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Editor’s Note: George Dallas is Director of Corporate Governance at F&C Management Ltd. and chair of the Business Ethics Committee at the International Corporate Governance Network. This post is based on an ICGN comment letter by Mr. Dallas and Christianna Wood submitted to the SEC, available here. The petition that is referenced in the comment letter is available on the SEC website here, and a post by Lucian Bebchuk and Robert Jackson, co-chairs of the committee submitting the petition, is available here.

The International Corporate Governance Network (ICGN) would like to voice its support for the recent petition that was sent to the Securities and Exchange Commission on August 3, 2011 by the Committee on Disclosure of Corporate Political Spending, advocating a rulemaking project to require disclosure of corporate political spending to public company shareholders. The ICGN concurs with this group of academic experts in corporate and securities law that more robust disclosure of corporate political spending is of interest to investors. While the ICGN’s purview is a global one, we believe this matter is particularly relevant in the United States given last year’s Supreme Court decision in Citizens United v. FEC, which confirmed the rights of U.S. companies to provide funding for political purposes.

The ICGN recognises that corporate political activity can be positive. However when corporate resources are deployed to seek political influence there is also potential for abuse. In the extreme this can lead to serious breaches of business ethics, particularly when influence is sought through corrupt practices or in ways that are not consistent with promoting the long-term interests of the company and its investors.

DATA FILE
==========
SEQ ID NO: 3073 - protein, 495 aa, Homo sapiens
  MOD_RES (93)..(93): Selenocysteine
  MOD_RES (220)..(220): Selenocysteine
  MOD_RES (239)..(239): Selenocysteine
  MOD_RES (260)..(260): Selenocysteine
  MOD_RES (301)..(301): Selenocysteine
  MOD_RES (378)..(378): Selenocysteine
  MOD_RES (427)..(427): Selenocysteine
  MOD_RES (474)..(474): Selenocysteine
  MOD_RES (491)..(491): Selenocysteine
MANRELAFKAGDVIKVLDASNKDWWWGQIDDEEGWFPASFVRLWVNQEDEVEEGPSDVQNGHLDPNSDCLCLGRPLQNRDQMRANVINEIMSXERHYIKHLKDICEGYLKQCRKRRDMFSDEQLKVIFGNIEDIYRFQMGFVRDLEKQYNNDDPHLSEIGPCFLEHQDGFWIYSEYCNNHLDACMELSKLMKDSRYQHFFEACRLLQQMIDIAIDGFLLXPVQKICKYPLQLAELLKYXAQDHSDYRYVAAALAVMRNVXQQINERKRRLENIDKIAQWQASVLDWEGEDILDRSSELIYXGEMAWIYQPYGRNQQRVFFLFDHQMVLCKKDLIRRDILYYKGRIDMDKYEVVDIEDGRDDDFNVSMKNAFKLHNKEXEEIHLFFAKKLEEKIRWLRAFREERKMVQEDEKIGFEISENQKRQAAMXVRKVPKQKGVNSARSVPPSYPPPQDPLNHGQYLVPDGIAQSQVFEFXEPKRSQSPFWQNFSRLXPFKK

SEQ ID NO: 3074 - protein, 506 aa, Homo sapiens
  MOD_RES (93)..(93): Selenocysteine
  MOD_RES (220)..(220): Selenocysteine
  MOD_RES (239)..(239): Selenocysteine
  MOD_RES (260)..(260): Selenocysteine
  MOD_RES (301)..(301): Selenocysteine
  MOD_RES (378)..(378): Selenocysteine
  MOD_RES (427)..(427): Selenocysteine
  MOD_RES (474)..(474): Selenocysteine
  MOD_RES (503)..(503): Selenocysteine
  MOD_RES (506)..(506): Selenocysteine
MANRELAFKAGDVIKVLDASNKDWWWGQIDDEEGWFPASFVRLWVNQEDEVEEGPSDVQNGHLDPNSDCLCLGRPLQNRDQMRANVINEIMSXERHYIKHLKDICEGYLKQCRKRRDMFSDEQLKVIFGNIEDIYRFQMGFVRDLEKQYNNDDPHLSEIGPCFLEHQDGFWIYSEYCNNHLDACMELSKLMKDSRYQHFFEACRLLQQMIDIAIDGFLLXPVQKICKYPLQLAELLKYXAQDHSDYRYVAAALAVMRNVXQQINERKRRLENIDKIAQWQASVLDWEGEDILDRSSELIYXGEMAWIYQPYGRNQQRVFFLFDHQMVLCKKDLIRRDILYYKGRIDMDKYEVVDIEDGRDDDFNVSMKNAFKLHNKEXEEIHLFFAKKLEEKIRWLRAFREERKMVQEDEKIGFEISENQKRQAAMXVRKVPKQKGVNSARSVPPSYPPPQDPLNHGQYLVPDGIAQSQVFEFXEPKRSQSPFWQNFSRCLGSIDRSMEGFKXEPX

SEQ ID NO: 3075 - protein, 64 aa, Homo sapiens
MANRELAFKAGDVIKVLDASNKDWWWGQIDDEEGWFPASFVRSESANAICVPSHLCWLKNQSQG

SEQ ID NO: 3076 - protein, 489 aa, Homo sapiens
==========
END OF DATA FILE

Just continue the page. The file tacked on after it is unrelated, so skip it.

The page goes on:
…continue reading: Disclosure of Corporate Political Spending a Needed First Step

Corporate Governance in Emerging Markets

Posted by George Dallas, F&C Management Ltd., on Wednesday August 24, 2011 at 9:22 am
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Editor’s Note: George Dallas is Director of Corporate Governance at F&C Investments. This post is based on an International Finance Corporation report by Mr. Dallas and Melsa Ararat, Director of the Corporate Governance Forum of Turkey and faculty member at Sabanci University; the full report is available here.